Cancer patients may sometimes worry that treatment for their cancer might lead to another cancer down the road. Radiation therapy (radiotherapy) is of particular concern because radiation is known to cause cancer.
A recent study published in the Lancet Oncology journal found that cancer patients who were treated with radiotherapy were more likely to develop second cancers than patients with similar cancers who didn’t receive radiotherapy. Experts have known for many years that radiation therapy can increase cancer risk; however, this is the first study to compare the risk of second cancers among radiation-treated patients to a large group of similar patients who did not receive such treatment. The study estimated that about 8% of second cancers among patients who received radiation were due to the radiation, which translates to five excess cancers per 1,000 treated patients. This means that for every 1,000 patients who were treated with radiotherapy, 5 of them would have a second cancer caused by that radiation treatment.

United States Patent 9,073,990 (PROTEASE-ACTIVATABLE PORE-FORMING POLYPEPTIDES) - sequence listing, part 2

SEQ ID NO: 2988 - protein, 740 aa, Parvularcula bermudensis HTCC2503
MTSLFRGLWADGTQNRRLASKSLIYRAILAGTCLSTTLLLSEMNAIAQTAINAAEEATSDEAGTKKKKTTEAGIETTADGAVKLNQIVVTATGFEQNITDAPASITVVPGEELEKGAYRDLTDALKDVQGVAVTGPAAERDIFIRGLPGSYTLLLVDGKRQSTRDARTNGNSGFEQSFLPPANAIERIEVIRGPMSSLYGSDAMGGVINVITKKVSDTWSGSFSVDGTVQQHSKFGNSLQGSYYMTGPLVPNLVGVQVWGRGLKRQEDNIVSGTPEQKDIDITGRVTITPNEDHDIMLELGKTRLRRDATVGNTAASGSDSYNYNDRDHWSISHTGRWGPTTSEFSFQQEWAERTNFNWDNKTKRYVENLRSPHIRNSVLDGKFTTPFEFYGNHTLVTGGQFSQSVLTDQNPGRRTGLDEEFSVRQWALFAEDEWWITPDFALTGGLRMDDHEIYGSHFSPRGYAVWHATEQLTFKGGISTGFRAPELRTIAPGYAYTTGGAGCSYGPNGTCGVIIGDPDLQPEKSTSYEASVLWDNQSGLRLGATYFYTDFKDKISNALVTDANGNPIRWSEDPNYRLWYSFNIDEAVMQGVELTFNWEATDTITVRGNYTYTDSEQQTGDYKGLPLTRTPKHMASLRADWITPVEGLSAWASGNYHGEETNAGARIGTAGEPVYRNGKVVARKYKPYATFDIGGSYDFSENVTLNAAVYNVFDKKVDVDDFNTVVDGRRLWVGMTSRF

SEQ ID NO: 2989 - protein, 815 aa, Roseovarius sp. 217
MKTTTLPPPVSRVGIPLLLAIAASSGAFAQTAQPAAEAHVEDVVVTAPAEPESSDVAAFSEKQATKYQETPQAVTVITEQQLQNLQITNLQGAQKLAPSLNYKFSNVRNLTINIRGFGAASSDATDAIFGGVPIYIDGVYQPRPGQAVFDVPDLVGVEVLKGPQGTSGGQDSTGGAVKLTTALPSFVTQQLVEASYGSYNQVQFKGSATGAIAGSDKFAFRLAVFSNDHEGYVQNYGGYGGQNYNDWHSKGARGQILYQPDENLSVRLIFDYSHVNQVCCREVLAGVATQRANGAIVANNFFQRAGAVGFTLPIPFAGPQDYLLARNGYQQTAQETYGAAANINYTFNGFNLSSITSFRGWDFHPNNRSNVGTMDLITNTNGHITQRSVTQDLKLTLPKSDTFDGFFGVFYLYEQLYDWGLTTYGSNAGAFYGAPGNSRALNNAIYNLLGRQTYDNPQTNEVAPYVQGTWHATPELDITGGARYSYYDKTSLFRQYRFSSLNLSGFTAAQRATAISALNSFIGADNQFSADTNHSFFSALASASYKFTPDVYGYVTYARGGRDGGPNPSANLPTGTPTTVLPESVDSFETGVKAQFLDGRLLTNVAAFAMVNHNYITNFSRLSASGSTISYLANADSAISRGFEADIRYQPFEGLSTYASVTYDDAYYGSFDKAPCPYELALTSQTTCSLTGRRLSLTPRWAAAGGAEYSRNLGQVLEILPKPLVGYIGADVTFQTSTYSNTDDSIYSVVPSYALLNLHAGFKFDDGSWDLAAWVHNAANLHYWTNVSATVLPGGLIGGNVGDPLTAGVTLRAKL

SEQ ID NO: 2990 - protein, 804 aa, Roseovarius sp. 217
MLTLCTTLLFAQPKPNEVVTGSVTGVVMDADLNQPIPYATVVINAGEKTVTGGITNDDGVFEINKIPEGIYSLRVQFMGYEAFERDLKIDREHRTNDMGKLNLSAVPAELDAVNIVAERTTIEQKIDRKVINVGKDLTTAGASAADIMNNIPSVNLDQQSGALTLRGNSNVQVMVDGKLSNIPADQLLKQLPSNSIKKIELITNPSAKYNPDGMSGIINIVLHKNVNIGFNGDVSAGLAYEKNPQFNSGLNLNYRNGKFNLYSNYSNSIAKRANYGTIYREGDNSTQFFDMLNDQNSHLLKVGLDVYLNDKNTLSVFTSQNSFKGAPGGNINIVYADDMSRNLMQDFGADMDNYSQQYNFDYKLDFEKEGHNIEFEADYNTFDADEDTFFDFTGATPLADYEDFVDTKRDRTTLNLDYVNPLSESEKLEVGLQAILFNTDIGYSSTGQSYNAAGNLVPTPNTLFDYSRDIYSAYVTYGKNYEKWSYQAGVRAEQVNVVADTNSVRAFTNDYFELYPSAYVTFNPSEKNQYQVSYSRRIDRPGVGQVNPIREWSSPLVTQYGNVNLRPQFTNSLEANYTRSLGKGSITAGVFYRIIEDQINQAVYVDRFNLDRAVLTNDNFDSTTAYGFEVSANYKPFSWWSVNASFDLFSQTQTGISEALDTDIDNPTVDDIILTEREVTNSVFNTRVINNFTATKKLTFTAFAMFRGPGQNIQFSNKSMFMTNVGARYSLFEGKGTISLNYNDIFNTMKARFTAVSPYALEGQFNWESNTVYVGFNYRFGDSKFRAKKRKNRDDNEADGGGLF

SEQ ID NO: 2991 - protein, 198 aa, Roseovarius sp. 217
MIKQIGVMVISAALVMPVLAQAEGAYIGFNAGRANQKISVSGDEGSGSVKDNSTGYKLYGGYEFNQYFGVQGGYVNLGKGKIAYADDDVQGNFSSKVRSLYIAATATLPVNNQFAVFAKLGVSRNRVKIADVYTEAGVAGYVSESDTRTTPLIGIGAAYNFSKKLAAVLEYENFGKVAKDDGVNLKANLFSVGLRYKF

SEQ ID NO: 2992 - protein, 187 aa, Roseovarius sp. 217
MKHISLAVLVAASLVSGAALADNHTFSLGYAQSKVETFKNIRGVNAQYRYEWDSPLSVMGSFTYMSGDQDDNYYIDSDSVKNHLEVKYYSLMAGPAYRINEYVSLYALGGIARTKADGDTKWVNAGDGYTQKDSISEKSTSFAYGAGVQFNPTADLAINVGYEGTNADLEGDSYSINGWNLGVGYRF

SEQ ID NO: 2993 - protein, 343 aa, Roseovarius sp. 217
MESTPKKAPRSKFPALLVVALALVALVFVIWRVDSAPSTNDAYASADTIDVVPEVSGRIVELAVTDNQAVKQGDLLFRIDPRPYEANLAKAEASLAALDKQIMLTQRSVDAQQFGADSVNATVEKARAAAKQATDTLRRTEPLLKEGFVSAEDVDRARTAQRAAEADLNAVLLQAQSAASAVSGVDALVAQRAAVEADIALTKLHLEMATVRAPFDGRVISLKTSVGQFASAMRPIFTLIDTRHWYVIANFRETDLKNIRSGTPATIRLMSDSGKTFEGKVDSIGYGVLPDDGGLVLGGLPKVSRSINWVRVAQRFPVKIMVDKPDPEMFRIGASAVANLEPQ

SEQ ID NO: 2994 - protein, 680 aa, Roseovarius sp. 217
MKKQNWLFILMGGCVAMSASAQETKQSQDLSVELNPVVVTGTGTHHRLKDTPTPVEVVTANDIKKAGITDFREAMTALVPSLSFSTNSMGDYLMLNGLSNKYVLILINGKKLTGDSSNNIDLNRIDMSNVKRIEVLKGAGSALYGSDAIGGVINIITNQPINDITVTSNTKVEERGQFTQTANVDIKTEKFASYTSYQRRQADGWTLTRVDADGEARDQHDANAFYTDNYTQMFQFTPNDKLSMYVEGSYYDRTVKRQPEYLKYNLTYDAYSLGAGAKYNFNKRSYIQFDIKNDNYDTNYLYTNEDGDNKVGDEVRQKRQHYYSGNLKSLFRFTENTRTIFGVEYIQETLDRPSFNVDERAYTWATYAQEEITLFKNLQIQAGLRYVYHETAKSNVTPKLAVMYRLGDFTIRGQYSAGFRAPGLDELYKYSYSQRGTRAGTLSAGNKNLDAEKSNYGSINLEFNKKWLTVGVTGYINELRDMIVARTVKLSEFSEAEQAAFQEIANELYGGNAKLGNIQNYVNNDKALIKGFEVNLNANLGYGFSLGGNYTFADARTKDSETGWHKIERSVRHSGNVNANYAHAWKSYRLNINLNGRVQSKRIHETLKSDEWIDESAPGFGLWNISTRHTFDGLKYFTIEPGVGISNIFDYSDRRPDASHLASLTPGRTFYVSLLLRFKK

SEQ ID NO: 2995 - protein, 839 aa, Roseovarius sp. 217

Many types of cancer treatment can cause long-term effects, including second cancers. For example, some chemotherapy drugs increase the risk of developing leukemia, and young women who have high doses of radiation to the chest are at increased risk of developing breast cancer.
However, when cancer patients receive these treatments, their risk of serious illness and death from the cancer is much greater than the potential long term effects of the treatment. Declining cancer treatment because of fear of side effects could be very dangerous.… Continue reading →